IRS probes Cities church: The Internal Revenue Service is looking into financial dealings between a Twin Cities church and its pastor. The Star Tribune reported the IRS is investigating whether compensation and loan deals between the Living Word ...
IRS probes Cities church: The Internal Revenue Service is looking into financial dealings between a Twin Cities church and its pastor.
The Star Tribune reported the IRS is investigating whether compensation and loan deals between the Living Word Christian Center of Brooklyn Park and its pastor, the Rev. Mac Hammond, violated laws for tax-exempt organizations.
The IRS has asked the U.S. District Court in Minneapolis to force the church to comply with a demand for detailed financial information. The church failed to respond to a summons last March.
A church spokesman said the church has "complied with everything the IRS has asked us to do."
According to the petition, the IRS wants to examine Hammond's compensation, benefits and deals in which the church financed an airplane for him, which he in turn leased back to the church.
The IRS also is asking for details on loans for Hammond's residence that were later forgiven by the church.
Activist sues city, county: A deaf activist is suing the city of St. Paul and the Ramsey County sheriff's office over his treatment after a 2006 traffic stop.
Douglas Bahl and his wife, Susan Kovacs-Bahl, filed their lawsuit in Ramsey County District Court. They're seeking more than $50,000, plus punitive damages.
Douglas Bahl contended he had no way to communicate from jail after he was stopped for running a red light in St. Paul and scuffled with a police officer in November 2006.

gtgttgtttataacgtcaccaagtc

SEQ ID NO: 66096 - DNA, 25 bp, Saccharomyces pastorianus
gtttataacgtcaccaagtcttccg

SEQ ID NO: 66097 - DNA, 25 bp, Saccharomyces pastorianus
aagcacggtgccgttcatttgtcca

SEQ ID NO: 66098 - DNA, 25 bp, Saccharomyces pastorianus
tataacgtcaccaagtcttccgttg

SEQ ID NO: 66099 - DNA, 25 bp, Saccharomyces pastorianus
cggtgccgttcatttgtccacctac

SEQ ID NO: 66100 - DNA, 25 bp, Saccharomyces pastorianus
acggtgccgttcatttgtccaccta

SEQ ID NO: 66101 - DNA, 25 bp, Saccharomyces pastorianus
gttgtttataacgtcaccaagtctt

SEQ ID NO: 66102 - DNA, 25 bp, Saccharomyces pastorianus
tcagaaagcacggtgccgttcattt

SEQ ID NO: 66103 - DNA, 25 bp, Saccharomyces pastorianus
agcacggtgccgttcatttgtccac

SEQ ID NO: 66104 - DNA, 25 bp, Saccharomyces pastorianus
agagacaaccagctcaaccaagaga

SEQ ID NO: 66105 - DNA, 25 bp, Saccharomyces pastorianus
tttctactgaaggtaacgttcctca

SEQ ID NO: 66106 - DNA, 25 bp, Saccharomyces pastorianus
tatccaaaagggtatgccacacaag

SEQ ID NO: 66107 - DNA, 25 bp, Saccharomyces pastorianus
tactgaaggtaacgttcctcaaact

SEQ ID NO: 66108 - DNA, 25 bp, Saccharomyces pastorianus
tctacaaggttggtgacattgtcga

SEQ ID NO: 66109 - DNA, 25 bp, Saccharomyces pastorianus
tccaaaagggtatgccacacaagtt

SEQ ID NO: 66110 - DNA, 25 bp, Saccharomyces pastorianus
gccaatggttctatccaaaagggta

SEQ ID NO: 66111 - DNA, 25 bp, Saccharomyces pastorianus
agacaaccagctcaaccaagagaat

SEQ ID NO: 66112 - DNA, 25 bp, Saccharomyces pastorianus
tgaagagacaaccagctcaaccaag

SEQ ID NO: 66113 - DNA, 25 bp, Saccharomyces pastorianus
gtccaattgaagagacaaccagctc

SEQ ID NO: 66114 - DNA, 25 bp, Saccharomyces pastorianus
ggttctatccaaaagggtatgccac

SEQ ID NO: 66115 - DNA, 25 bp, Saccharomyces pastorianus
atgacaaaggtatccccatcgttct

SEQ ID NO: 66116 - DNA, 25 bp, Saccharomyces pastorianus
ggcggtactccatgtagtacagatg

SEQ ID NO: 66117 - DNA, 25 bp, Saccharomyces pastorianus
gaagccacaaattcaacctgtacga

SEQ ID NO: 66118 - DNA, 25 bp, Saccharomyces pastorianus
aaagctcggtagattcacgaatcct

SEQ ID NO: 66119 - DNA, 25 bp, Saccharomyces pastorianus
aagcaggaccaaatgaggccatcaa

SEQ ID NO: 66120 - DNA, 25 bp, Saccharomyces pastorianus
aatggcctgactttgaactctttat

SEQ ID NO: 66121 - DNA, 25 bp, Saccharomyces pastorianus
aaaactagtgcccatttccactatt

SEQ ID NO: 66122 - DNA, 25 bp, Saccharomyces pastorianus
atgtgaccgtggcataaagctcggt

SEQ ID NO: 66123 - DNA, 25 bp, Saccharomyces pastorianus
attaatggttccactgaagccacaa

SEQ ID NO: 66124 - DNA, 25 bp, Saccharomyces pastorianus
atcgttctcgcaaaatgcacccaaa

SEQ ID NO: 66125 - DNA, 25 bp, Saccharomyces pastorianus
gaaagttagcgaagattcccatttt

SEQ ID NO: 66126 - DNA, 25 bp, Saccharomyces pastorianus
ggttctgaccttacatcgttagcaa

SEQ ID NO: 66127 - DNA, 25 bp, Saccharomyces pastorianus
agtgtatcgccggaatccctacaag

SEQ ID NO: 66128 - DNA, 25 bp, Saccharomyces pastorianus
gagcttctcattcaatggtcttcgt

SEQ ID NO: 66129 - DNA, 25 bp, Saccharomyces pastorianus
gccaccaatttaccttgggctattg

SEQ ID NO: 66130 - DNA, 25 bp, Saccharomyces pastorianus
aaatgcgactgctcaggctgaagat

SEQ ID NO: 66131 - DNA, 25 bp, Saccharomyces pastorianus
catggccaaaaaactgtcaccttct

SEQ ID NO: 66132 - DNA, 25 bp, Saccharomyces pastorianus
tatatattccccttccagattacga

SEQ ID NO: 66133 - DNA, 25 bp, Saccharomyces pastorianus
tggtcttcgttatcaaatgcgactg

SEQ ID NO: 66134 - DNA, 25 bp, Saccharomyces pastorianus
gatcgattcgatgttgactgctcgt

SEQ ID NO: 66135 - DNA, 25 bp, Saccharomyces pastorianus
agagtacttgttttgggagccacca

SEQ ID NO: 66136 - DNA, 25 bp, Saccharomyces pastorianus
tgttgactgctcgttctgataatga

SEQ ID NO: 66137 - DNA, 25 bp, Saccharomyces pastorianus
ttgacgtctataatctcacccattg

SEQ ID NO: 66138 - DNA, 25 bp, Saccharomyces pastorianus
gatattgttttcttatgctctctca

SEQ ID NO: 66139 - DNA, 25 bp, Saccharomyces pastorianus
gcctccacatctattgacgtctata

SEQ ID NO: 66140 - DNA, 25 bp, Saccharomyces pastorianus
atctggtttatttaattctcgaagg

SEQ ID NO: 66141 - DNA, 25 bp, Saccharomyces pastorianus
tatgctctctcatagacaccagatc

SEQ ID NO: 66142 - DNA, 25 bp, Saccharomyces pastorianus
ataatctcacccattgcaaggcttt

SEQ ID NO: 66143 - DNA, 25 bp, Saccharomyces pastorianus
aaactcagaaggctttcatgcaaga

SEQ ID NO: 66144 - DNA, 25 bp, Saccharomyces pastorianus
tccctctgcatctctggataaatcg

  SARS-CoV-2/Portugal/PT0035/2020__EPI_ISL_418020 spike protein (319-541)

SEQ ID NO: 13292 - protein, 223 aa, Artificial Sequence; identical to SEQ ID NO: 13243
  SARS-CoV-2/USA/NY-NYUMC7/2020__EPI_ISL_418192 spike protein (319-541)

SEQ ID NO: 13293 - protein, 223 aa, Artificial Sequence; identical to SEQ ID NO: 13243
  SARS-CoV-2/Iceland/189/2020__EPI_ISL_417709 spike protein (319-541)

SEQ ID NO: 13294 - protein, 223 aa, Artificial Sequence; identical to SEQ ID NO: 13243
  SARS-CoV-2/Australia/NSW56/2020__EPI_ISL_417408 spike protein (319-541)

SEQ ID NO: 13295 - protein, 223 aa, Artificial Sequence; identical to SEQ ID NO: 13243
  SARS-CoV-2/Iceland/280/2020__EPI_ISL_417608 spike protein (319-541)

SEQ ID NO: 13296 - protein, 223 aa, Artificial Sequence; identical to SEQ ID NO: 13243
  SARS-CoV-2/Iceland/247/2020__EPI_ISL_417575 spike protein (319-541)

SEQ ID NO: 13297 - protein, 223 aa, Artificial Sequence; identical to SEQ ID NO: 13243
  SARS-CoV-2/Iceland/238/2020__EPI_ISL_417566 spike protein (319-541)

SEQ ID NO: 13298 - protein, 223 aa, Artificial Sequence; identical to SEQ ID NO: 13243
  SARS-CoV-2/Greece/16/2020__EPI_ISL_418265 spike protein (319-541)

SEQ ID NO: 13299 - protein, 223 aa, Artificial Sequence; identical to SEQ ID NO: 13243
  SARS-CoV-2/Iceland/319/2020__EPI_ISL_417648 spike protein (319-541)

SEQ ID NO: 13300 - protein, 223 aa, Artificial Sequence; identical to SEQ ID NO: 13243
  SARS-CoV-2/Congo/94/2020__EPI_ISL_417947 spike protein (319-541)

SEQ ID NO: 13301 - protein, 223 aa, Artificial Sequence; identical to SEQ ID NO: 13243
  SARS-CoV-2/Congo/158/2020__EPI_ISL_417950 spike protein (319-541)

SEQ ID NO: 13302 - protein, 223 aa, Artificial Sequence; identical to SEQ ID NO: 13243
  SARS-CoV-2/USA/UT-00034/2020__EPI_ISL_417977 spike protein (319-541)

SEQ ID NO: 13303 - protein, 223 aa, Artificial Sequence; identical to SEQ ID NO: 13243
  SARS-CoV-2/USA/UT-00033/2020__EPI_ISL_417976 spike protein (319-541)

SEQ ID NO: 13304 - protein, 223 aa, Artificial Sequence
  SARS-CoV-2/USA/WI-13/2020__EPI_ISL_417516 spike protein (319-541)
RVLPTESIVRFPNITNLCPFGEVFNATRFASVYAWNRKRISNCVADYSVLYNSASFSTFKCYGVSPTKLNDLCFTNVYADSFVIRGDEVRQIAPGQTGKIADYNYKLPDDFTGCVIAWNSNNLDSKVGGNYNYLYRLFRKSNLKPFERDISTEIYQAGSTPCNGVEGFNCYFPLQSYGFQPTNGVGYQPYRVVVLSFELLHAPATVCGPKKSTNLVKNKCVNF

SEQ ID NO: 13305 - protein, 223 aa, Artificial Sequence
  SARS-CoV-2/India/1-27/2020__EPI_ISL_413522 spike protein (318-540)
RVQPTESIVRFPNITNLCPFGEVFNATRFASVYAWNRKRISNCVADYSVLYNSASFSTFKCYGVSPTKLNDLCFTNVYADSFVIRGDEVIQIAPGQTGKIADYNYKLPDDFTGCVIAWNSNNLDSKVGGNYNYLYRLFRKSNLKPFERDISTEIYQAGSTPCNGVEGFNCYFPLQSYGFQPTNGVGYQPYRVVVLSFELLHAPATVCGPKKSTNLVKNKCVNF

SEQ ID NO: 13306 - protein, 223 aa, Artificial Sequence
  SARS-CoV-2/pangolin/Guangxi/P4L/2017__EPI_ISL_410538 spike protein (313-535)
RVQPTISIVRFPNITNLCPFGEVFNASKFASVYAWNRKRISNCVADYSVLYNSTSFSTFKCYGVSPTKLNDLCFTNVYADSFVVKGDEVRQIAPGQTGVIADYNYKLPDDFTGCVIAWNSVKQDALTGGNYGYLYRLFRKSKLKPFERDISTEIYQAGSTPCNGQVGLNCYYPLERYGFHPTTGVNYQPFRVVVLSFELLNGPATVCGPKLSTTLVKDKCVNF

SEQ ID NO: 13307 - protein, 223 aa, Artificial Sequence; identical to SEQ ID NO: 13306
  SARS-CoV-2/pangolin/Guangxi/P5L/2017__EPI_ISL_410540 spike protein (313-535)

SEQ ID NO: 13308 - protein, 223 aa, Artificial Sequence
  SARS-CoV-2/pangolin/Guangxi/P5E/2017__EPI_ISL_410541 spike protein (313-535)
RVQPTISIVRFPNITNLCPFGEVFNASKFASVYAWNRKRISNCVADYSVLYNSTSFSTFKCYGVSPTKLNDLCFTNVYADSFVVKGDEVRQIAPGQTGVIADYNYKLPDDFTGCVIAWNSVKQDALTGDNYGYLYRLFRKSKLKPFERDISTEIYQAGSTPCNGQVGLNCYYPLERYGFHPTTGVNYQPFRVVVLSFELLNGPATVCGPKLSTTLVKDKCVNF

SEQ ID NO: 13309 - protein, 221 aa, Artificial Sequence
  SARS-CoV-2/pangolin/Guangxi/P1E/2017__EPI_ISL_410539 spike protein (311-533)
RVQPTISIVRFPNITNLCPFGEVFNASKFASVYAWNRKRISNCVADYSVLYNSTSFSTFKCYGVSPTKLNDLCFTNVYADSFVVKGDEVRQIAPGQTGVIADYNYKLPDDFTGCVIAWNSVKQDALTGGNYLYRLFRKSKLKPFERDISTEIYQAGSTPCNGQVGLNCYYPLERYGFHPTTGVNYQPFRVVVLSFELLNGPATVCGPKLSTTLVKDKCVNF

Ramsey County Sheriff Bob Fletcher contended that Bahl was offered use of a text-telephone device for the hearing-impaired, but he declined it.
The city attorney's office has filed a notice to move the case to U.S. District Court, saiding the Bahls allege the defendants have violated the federal Americans With Disabilities Act.
'Veterans Village' plan: Iraq and Afghanistan war veterans would have a place in central Minnesota to heal their emotional wounds, under a woman's proposal.
Alice Karakas wants to turn a vacant home-school campus in Sauk Centre into a rehabilitation facility for veterans of those wars.
Karakas hopes to turn the 77½-acre campus into the latest in a small number of "Veterans Villages" started in 2006 by a grieving California woman who lost her son in Iraq.
Karakas moved to Sauk Centre eight years ago and discovered the Oak Ridge campus while walking her dog. She has no direct ties to Iraq or Afghanistan veterans, but said a lot of hurt veterans need care and are not getting it.
The villages aren't medical facilities. They are funded through private donations and run by volunteers.
Rep loses news complaint: The Minnesota News Council has denied two complaints against a Morrison County weekly newspaper that were filed by a state representative.
Democrat Al Doty of Royalton complained to the council after a March 2 story about Doty's view of a gas tax hike. Doty said he was misled by the paper because he didn't know the context in which his comments would be used.
The News Council voted
12-4 on Friday to affirm the newspaper's position, which was that the editor who wrote the story did not have to tell Doty what the story was about in advance.
Doty's other complaint stemmed from an editorial that praised both Doty and a Republican colleague for securing funding for Pine Grove Zoo in Little Falls. Doty claimed that the editorial was inaccurate, saying state Sen. Paul Koering of Fort Ripley didn't deserve the praise.